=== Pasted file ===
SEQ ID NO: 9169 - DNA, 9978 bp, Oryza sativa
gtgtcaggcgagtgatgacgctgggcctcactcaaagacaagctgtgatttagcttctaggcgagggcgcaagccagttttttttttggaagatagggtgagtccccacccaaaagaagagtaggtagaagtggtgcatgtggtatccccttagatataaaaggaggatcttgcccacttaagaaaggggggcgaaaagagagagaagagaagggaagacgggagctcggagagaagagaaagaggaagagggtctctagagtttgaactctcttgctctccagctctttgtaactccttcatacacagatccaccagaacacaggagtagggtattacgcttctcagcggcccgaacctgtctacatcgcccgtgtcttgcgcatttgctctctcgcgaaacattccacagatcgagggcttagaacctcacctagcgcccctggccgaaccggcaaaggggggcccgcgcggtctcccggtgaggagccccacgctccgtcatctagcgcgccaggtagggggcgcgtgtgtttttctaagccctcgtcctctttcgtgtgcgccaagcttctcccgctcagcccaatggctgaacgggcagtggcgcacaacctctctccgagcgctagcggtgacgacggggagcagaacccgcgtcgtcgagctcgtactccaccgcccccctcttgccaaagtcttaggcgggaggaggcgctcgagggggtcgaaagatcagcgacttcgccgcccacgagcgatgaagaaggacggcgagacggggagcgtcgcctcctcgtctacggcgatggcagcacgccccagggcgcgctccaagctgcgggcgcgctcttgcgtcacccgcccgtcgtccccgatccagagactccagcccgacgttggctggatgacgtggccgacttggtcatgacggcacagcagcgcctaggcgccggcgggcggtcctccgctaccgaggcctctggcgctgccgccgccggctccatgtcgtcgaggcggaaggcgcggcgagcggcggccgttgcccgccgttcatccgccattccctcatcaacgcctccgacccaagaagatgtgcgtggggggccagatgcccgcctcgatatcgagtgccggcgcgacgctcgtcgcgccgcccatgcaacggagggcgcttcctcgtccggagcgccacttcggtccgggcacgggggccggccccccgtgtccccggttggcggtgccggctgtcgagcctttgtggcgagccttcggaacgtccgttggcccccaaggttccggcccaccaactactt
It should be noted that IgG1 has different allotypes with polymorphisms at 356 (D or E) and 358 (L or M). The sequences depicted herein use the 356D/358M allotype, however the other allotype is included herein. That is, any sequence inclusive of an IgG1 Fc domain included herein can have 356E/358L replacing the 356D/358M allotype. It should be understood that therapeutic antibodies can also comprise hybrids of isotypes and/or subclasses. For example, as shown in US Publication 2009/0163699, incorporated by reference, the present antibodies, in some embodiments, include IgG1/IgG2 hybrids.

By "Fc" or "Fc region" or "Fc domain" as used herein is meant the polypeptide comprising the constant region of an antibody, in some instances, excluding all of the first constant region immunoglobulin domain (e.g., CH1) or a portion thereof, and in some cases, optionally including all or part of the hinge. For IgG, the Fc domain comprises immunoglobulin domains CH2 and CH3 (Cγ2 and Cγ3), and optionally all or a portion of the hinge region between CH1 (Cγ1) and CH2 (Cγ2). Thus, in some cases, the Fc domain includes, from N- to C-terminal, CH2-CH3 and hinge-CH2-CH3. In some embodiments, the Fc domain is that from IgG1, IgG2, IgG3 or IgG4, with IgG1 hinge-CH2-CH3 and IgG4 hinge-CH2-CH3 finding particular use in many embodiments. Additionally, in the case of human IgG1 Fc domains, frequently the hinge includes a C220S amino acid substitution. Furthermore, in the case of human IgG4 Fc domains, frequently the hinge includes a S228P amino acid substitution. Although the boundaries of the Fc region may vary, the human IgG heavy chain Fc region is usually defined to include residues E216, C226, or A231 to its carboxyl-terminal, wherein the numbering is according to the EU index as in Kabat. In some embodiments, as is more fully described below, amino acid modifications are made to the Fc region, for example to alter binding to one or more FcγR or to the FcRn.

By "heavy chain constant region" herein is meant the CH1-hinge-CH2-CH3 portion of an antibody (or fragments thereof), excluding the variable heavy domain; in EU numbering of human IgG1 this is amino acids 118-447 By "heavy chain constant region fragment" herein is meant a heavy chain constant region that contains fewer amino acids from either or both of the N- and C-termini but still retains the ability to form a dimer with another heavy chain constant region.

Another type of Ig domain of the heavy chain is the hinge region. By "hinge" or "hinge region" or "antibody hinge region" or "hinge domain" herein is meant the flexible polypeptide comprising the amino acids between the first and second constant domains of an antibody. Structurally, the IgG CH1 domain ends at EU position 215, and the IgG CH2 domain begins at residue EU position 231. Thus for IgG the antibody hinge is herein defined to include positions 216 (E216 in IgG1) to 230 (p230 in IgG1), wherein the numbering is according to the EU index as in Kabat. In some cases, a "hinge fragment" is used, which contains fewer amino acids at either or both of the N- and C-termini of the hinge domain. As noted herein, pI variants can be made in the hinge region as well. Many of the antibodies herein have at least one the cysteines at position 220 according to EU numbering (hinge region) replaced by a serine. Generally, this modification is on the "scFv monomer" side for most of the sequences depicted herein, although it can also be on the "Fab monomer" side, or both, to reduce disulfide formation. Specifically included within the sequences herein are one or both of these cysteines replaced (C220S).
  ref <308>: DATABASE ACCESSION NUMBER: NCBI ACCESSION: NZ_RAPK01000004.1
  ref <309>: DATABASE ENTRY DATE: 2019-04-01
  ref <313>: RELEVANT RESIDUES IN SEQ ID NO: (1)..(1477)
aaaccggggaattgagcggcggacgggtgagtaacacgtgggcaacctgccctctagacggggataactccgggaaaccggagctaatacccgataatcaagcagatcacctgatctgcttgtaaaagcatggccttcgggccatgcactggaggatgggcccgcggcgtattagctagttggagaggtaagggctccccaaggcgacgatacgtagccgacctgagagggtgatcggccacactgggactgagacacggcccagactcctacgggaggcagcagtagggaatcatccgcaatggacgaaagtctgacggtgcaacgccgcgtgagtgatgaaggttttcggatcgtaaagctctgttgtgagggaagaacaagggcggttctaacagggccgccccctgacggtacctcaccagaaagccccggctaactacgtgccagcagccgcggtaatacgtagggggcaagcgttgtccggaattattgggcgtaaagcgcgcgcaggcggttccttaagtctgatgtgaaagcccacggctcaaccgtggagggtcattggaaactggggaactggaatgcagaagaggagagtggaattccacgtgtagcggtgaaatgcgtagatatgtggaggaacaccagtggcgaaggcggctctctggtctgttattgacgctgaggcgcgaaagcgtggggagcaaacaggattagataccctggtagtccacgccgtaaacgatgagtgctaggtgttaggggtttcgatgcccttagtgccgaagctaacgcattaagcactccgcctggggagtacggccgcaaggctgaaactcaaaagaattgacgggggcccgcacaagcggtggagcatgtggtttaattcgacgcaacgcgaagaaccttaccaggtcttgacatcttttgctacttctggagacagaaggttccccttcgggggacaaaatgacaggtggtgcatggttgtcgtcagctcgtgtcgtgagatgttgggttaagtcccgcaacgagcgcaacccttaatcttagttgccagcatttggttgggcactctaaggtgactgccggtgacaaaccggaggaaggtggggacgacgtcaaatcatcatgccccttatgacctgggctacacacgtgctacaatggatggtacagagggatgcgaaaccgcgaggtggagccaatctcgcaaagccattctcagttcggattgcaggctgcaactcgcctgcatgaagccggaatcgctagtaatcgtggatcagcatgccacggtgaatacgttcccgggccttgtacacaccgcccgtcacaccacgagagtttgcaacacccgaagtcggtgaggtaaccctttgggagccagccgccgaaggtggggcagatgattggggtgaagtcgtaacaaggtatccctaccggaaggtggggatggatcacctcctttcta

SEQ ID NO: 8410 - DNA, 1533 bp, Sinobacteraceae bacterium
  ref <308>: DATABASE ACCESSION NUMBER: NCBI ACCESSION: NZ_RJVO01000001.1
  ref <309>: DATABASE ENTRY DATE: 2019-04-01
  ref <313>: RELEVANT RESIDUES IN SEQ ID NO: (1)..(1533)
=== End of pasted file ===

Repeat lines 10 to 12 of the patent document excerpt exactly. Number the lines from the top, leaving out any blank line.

aaaccggggaattgagcggcggacgggtgagtaacacgtgggcaacctgccctctagacggggataactccgggaaaccggagctaatacccgataatcaagcagatcacctgatctgcttgtaaaagcatggccttcgggccatgcactggaggatgggcccgcggcgtattagctagttggagaggtaagggctccccaaggcgacgatacgtagccgacctgagagggtgatcggccacactgggactgagacacggcccagactcctacgggaggcagcagtagggaatcatccgcaatggacgaaagtctgacggtgcaacgccgcgtgagtgatgaaggttttcggatcgtaaagctctgttgtgagggaagaacaagggcggttctaacagggccgccccctgacggtacctcaccagaaagccccggctaactacgtgccagcagccgcggtaatacgtagggggcaagcgttgtccggaattattgggcgtaaagcgcgcgcaggcggttccttaagtctgatgtgaaagcccacggctcaaccgtggagggtcattggaaactggggaactggaatgcagaagaggagagtggaattccacgtgtagcggtgaaatgcgtagatatgtggaggaacaccagtggcgaaggcggctctctggtctgttattgacgctgaggcgcgaaagcgtggggagcaaacaggattagataccctggtagtccacgccgtaaacgatgagtgctaggtgttaggggtttcgatgcccttagtgccgaagctaacgcattaagcactccgcctggggagtacggccgcaaggctgaaactcaaaagaattgacgggggcccgcacaagcggtggagcatgtggtttaattcgacgcaacgcgaagaaccttaccaggtcttgacatcttttgctacttctggagacagaaggttccccttcgggggacaaaatgacaggtggtgcatggttgtcgtcagctcgtgtcgtgagatgttgggttaagtcccgcaacgagcgcaacccttaatcttagttgccagcatttggttgggcactctaaggtgactgccggtgacaaaccggaggaaggtggggacgacgtcaaatcatcatgccccttatgacctgggctacacacgtgctacaatggatggtacagagggatgcgaaaccgcgaggtggagccaatctcgcaaagccattctcagttcggattgcaggctgcaactcgcctgcatgaagccggaatcgctagtaatcgtggatcagcatgccacggtgaatacgttcccgggccttgtacacaccgcccgtcacaccacgagagtttgcaacacccgaagtcggtgaggtaaccctttgggagccagccgccgaaggtggggcagatgattggggtgaagtcgtaacaaggtatccctaccggaaggtggggatggatcacctcctttcta

SEQ ID NO: 8410 - DNA, 1533 bp, Sinobacteraceae bacterium
  ref <308>: DATABASE ACCESSION NUMBER: NCBI ACCESSION: NZ_RJVO01000001.1